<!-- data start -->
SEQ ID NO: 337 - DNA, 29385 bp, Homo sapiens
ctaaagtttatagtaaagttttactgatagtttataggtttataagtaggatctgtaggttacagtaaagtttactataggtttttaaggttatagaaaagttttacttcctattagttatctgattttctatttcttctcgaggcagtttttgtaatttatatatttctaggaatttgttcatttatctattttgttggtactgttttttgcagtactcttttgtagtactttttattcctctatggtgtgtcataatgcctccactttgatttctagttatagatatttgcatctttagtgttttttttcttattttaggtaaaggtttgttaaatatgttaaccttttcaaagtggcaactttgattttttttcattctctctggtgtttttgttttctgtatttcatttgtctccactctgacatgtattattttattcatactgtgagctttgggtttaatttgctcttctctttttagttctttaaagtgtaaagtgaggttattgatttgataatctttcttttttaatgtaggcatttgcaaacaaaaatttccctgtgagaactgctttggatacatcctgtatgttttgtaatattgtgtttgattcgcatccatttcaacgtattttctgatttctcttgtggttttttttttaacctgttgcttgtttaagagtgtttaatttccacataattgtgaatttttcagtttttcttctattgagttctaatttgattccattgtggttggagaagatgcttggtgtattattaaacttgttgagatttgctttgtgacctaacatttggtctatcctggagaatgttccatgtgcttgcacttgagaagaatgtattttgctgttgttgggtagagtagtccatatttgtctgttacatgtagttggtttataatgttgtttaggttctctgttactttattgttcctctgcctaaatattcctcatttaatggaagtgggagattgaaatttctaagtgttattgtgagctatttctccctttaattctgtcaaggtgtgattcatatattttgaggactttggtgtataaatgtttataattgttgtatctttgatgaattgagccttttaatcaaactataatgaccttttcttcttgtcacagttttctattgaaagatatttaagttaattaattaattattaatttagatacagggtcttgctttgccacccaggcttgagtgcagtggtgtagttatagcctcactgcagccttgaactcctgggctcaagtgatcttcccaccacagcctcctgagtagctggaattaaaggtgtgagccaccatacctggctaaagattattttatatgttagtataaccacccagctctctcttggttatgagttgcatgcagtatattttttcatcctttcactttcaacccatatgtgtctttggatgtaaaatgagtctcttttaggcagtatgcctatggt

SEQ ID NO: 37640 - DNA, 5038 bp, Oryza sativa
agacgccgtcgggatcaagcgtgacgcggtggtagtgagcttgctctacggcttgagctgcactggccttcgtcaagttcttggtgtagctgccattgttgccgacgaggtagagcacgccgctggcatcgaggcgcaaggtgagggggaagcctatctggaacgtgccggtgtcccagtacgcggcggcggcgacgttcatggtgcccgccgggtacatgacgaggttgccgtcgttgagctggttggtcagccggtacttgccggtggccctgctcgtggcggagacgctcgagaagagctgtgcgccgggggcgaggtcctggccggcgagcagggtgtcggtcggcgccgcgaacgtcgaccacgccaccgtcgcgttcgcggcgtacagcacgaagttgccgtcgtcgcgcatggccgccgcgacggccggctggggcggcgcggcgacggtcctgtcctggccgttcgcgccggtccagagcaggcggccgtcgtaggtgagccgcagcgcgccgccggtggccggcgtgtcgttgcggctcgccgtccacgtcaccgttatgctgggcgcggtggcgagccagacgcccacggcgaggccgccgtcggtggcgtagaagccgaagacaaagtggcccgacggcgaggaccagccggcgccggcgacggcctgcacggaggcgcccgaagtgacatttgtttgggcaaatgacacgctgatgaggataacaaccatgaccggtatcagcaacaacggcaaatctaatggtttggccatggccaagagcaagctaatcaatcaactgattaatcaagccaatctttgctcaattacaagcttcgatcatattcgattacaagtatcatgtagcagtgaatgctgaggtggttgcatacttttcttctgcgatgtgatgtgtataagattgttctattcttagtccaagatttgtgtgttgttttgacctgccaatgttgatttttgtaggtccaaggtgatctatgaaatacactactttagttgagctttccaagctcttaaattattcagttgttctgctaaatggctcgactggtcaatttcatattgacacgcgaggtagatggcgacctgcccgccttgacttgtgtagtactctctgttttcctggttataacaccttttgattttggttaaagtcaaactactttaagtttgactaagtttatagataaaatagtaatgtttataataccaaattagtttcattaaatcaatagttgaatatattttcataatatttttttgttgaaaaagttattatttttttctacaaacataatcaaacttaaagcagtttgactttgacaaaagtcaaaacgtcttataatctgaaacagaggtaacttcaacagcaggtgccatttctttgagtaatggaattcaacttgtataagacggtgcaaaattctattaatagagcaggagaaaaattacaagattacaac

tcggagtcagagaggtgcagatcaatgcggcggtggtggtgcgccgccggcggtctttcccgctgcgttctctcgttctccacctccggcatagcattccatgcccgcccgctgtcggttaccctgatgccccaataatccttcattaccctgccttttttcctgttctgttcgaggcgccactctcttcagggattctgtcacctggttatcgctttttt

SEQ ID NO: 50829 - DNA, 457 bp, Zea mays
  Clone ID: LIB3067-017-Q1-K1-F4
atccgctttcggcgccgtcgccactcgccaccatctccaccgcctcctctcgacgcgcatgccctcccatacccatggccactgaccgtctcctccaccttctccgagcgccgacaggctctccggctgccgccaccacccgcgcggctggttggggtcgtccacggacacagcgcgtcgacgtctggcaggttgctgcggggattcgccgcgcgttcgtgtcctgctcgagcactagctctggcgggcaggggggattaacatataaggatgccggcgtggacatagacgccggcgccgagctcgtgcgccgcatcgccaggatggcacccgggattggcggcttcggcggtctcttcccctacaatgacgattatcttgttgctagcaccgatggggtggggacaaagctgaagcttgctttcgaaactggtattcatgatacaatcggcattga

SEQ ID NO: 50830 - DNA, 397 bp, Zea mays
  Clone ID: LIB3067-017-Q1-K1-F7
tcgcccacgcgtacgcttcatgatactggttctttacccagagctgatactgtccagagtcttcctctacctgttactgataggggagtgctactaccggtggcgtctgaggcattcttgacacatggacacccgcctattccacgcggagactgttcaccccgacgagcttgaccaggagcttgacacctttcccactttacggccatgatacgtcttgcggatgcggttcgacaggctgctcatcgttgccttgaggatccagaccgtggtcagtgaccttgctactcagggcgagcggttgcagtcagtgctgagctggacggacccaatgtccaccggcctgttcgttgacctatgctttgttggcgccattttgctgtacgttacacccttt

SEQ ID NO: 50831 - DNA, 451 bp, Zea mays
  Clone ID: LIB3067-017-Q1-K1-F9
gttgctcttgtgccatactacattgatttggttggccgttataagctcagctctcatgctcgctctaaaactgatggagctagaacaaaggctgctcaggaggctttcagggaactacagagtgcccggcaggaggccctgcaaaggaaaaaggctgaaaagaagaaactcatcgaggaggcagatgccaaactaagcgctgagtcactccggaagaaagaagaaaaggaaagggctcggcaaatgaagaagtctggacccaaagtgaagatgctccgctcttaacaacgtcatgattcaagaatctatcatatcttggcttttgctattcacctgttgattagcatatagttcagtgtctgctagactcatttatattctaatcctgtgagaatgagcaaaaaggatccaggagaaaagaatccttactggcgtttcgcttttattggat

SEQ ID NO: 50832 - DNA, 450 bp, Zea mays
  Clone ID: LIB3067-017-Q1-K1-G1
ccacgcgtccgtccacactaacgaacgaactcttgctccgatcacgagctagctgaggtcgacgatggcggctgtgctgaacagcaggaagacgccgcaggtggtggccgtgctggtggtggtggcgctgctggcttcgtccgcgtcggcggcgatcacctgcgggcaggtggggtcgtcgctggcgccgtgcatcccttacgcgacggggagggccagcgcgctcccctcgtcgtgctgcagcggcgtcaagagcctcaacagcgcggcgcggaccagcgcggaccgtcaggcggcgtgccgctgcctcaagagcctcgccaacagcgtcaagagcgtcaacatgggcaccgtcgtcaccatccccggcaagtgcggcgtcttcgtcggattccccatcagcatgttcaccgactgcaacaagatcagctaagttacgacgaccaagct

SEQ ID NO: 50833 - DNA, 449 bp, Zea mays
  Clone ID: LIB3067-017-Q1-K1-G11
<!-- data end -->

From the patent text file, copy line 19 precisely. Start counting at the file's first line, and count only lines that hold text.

  Clone ID: LIB3067-017-Q1-K1-G11